Women Writers

My work on women artists and writers (apart from Virginia Woolf) includes:

(with Rose Little) “‘In a Different Light’: Imagining Greece in Elizabeth Taylor and Barbara Pym”, in Greece in British Women’s Literary Imagination 1913–2013, ed. Eleni Papargyriou et al. (Peter Lang, 2017).  [Abstract].

“Women Writers and Readers in the Oxford English Dictionary” at the Conference British Women Writers Conference, University of Wisconsin-Madison, April 2002.   [Abstract]

“Why Did Suffragettes Attack Works of Art?” Journal of Women’s History, 2 (1991), 109-25.

“Feminist Criticism: The Common Pursuit”, New Literary History, 19 (1987), 51-62.

“The Art of Alice Munro: The Beggar Maid and Lives of Girls and Women”, Critique, 25 (1984), 189-98.

Cranford: Cow in Grey Flannel or Lion Couchant?”, Studies in English Literature, 24 (1984), 717-29.

“Feminist Criticism: The Common Pursuit”, New Literary History, 19 (1987), 51-62.

For the Oxford Dictionary of National Biography I wrote entries for Mary Newton, the painter, and Lucy Garnett, the traveller and ethnographer.

In a Different Light: Imagining Greece in Elizabeth Taylor and Barbara Pym

By Rowena Fowler and Rose Little*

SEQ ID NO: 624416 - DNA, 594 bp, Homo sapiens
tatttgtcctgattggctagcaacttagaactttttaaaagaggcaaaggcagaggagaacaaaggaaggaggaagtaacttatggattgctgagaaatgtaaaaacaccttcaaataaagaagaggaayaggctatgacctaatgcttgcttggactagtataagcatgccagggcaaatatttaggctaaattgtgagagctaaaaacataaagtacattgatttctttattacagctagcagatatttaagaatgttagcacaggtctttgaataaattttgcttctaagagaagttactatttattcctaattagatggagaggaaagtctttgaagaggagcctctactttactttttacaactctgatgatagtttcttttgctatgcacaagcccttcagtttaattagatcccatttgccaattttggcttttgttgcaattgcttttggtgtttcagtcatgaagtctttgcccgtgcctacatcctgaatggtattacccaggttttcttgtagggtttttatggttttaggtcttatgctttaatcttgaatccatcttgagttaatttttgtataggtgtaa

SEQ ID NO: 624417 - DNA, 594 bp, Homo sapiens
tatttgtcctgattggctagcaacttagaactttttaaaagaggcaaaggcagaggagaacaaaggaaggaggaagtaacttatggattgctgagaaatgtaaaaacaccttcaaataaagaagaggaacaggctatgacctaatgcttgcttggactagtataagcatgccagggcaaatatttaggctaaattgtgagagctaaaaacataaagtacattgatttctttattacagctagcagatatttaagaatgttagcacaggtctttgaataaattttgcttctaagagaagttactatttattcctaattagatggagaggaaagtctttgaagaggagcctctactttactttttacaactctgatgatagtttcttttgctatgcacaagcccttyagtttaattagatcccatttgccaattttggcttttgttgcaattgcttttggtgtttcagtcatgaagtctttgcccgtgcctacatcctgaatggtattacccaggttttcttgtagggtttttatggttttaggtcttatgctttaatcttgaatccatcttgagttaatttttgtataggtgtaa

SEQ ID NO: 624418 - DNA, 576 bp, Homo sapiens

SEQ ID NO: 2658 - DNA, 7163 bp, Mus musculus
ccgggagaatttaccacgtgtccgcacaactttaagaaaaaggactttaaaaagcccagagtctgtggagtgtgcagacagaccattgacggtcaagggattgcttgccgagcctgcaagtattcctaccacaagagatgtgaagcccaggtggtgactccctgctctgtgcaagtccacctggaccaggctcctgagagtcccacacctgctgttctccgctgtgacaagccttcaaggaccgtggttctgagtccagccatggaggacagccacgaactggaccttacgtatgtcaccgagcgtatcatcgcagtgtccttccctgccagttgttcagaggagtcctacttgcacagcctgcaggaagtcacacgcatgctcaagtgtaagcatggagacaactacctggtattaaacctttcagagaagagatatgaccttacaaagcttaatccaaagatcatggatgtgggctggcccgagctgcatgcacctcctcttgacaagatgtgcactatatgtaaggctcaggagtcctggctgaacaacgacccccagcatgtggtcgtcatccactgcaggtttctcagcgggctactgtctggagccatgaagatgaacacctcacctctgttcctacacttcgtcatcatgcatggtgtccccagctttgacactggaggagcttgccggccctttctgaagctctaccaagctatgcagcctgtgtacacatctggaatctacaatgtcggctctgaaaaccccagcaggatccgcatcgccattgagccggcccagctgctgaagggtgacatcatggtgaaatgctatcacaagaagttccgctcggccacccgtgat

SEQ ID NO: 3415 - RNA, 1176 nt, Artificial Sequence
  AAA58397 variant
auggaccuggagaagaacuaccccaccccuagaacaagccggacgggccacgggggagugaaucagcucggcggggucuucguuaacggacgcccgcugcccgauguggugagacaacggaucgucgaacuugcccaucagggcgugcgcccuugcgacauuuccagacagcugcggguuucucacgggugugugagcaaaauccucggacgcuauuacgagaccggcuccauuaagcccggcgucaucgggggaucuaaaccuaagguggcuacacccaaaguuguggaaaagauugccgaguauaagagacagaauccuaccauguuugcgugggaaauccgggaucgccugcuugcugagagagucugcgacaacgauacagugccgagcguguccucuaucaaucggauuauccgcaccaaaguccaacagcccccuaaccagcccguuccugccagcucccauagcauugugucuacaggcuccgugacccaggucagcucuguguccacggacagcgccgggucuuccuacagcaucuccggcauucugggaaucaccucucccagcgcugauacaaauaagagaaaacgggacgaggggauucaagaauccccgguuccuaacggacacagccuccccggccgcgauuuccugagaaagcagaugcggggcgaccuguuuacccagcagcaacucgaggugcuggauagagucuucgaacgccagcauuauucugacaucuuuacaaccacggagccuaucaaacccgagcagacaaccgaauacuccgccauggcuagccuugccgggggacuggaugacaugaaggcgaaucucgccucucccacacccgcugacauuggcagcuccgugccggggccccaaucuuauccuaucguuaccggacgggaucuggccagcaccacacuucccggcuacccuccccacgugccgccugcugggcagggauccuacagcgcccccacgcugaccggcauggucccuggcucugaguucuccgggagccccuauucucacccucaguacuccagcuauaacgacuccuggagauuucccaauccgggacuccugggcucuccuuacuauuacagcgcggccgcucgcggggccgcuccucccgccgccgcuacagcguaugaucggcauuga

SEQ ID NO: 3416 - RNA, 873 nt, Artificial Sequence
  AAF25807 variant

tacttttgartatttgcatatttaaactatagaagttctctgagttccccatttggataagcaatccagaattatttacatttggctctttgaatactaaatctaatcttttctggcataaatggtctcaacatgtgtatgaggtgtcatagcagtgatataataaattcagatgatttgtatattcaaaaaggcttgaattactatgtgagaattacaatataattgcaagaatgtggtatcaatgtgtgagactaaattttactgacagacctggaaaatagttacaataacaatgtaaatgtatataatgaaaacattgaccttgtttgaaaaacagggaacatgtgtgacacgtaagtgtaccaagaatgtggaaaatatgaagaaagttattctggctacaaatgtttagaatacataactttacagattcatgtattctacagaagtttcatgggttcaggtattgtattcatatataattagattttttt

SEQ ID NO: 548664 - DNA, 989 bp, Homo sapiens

The chapter explores the importance of Greece in the lives and writings of Elizabeth Taylor (1912–1975) and her friend and contemporary Barbara Pym (1913–1980).  Both are often thought of as quintessentially English novelists, yet for them, as for their fictional characters, the experience of Greece—whether comic or poignant—casts a new light on national manners and assumptions.   Each writer is treated individually, but common points emerge.  We begin with their knowledge of ancient Greece before discussing their growing awareness of the continuing existence of the modern country. 

Drawing on eight of Taylors’s novels and two stories, and on Pym’s novel A Few Green Leaves alongside her letters and unpublished travel diaries, we trace the ways they shaped their responses to Greece into narrative.  Taylor assimilated patterns of Greek myth and tragedy into everyday English settings but admitted that exposure to the contemporary Greek world could disorient and perturb.  Pym, with characteristic shrewdness, exposes the ironies and pitfalls of philhellenic self-discovery.  Both Taylor and Pym offer new ways of experiencing Greece and putting it into words.  Just as their imagined country looked different in the stark light of the Mediterranean their travels challenged their sense of themselves as women and as writers. 

Published in Greece in British Women's Literary Imagination 1913-2013, ed. Eleni Papargyriou et al. (Peter Lang, 2017), pp. 47-65.

* Rose Little is a freelance writer and scholar.  She has edited the letters of Elizabeth Taylor to Barbara Pym.